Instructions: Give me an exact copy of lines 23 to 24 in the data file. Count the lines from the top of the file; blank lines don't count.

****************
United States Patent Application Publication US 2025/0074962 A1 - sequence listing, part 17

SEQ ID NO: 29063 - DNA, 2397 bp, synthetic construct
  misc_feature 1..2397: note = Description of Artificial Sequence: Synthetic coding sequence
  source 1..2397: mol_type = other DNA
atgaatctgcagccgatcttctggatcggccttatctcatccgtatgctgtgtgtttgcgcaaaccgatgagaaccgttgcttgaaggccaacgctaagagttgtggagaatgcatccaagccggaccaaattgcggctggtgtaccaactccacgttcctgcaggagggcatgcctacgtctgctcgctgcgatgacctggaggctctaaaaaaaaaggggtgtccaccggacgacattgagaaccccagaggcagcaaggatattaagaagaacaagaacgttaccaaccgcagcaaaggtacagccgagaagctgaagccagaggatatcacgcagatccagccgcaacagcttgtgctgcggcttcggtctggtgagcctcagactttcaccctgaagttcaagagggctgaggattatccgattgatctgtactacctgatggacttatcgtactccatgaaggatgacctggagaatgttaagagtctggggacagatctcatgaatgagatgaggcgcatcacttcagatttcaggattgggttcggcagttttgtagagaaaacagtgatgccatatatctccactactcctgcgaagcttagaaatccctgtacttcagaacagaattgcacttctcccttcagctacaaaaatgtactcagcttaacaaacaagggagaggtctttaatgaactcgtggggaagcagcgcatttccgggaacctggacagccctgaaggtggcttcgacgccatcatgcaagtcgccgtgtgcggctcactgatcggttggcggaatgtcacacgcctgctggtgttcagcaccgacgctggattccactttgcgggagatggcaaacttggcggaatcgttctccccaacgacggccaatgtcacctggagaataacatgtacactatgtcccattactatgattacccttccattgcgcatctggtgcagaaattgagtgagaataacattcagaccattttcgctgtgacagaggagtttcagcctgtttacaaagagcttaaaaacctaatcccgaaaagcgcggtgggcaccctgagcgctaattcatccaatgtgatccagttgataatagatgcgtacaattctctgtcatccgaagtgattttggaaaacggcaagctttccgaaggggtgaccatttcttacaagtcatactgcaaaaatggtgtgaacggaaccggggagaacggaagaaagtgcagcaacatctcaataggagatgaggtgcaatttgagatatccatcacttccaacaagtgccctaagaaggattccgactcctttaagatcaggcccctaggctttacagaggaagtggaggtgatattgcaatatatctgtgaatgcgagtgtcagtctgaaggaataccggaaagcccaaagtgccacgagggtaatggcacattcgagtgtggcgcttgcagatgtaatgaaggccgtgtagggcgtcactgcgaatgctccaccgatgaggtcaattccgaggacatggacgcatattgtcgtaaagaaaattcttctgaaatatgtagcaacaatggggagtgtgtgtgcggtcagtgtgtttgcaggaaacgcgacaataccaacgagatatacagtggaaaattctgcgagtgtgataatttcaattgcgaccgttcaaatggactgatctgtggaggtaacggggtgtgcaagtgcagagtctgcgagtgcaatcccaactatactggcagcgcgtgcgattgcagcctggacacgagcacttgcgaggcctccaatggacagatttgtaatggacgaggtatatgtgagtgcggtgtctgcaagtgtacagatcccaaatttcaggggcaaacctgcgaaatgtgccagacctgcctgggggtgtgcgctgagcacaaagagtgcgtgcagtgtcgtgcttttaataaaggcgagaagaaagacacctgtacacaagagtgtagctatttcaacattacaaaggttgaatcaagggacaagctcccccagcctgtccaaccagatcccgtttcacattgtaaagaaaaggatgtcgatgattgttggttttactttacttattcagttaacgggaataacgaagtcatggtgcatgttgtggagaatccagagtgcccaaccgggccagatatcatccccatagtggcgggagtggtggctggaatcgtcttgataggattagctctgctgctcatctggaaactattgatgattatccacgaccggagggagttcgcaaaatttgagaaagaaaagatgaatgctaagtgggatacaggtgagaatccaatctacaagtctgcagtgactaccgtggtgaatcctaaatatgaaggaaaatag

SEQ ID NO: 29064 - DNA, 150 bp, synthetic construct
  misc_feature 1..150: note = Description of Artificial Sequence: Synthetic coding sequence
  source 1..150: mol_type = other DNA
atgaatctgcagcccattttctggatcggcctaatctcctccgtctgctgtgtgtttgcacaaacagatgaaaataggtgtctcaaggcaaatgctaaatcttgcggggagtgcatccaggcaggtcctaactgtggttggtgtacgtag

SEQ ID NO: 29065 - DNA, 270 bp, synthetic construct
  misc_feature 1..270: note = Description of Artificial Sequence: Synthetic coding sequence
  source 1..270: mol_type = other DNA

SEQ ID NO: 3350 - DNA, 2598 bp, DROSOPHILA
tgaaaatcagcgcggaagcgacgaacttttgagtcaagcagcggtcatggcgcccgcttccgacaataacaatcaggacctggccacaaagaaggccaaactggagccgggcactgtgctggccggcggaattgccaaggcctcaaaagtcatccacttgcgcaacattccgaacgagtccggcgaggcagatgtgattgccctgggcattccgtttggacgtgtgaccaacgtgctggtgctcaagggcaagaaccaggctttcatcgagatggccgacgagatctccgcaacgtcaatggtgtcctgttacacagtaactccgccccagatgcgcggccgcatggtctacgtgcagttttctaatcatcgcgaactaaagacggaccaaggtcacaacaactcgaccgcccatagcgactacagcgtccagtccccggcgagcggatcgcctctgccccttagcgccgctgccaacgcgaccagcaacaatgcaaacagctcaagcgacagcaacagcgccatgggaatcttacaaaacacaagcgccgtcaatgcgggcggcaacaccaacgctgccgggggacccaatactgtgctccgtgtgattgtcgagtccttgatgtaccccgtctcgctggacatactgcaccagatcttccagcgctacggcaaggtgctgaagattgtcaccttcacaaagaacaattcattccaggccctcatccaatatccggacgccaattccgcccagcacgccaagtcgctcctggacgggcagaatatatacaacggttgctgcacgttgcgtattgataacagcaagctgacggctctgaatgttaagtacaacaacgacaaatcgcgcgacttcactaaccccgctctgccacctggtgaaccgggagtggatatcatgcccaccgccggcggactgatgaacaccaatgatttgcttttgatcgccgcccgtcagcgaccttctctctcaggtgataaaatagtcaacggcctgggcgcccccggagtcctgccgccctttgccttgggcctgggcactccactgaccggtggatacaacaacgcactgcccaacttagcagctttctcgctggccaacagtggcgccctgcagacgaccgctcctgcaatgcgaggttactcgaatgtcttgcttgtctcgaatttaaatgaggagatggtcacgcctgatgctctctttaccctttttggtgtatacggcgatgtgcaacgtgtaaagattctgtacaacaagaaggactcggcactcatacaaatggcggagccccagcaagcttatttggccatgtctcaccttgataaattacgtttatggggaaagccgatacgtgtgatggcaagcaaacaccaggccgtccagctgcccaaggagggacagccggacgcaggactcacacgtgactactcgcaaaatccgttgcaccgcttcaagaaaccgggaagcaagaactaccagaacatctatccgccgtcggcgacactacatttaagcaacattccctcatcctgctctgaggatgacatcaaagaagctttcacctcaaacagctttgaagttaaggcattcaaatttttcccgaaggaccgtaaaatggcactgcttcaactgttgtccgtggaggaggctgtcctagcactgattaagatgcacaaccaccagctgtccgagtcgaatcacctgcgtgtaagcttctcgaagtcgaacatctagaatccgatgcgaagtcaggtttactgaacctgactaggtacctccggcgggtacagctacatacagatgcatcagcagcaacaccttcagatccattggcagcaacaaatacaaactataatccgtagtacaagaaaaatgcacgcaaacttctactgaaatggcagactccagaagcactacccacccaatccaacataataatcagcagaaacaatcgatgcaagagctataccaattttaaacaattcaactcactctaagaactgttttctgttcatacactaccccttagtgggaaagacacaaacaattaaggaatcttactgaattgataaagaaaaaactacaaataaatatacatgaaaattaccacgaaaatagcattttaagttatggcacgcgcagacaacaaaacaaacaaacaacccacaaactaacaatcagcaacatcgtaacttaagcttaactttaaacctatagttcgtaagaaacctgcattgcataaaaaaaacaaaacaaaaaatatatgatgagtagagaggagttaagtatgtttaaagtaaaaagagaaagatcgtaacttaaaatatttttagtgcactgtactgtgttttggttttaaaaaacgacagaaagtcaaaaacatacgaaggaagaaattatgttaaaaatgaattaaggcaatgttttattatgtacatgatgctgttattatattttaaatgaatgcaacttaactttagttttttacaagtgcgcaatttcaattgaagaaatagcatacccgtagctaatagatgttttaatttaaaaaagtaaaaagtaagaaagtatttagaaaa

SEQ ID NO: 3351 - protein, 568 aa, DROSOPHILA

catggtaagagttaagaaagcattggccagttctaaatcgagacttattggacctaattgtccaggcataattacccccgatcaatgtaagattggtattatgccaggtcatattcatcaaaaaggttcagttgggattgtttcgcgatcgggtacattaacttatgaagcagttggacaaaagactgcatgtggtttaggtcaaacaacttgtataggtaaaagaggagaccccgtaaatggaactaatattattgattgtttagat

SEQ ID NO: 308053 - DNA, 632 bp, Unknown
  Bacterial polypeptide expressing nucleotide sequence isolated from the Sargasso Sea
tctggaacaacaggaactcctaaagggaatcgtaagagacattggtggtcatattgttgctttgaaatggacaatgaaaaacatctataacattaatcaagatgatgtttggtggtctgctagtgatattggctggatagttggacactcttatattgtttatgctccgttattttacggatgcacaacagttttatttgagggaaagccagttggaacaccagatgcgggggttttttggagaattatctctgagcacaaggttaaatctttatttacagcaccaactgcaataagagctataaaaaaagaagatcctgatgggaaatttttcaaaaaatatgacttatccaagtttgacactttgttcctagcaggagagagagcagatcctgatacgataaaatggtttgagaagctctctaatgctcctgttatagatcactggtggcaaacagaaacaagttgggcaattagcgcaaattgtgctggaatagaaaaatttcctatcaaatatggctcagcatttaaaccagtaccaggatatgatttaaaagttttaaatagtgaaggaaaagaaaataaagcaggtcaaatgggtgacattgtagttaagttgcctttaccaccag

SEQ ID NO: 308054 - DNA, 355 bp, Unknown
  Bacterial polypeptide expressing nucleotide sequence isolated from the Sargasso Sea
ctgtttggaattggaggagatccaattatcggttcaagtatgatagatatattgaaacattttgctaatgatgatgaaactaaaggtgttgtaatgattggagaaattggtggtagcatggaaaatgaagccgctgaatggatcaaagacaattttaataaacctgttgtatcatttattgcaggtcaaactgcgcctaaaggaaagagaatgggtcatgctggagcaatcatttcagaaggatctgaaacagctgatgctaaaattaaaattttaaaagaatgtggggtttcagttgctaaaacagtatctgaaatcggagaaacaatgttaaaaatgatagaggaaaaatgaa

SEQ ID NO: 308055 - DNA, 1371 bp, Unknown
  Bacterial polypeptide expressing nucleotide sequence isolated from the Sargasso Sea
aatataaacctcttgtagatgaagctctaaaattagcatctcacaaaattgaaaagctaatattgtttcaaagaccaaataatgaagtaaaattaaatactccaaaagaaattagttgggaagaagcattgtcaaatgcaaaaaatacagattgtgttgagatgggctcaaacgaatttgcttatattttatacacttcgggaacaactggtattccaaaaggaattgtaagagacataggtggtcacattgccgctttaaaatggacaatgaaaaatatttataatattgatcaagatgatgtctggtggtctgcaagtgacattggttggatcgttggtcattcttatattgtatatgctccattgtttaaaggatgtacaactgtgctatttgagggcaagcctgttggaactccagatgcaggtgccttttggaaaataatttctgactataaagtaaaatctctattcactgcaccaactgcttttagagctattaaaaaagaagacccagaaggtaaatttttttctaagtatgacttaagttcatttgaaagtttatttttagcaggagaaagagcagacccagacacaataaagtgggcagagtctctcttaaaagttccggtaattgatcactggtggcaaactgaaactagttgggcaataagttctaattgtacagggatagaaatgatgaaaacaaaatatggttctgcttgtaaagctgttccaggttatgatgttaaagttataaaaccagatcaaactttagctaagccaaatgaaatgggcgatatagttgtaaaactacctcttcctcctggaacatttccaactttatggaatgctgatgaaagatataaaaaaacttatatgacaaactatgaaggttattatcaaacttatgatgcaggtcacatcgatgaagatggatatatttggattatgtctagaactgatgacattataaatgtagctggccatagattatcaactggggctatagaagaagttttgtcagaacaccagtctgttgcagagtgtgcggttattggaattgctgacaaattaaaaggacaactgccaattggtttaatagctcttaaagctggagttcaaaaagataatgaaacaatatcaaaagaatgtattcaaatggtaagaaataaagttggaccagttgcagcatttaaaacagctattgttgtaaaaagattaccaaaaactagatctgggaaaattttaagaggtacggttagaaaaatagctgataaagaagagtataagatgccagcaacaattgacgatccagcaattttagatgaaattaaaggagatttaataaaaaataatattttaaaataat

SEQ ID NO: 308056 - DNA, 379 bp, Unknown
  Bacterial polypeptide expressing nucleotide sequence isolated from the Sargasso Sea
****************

SEQ ID NO: 308055 - DNA, 1371 bp, Unknown
  Bacterial polypeptide expressing nucleotide sequence isolated from the Sargasso Sea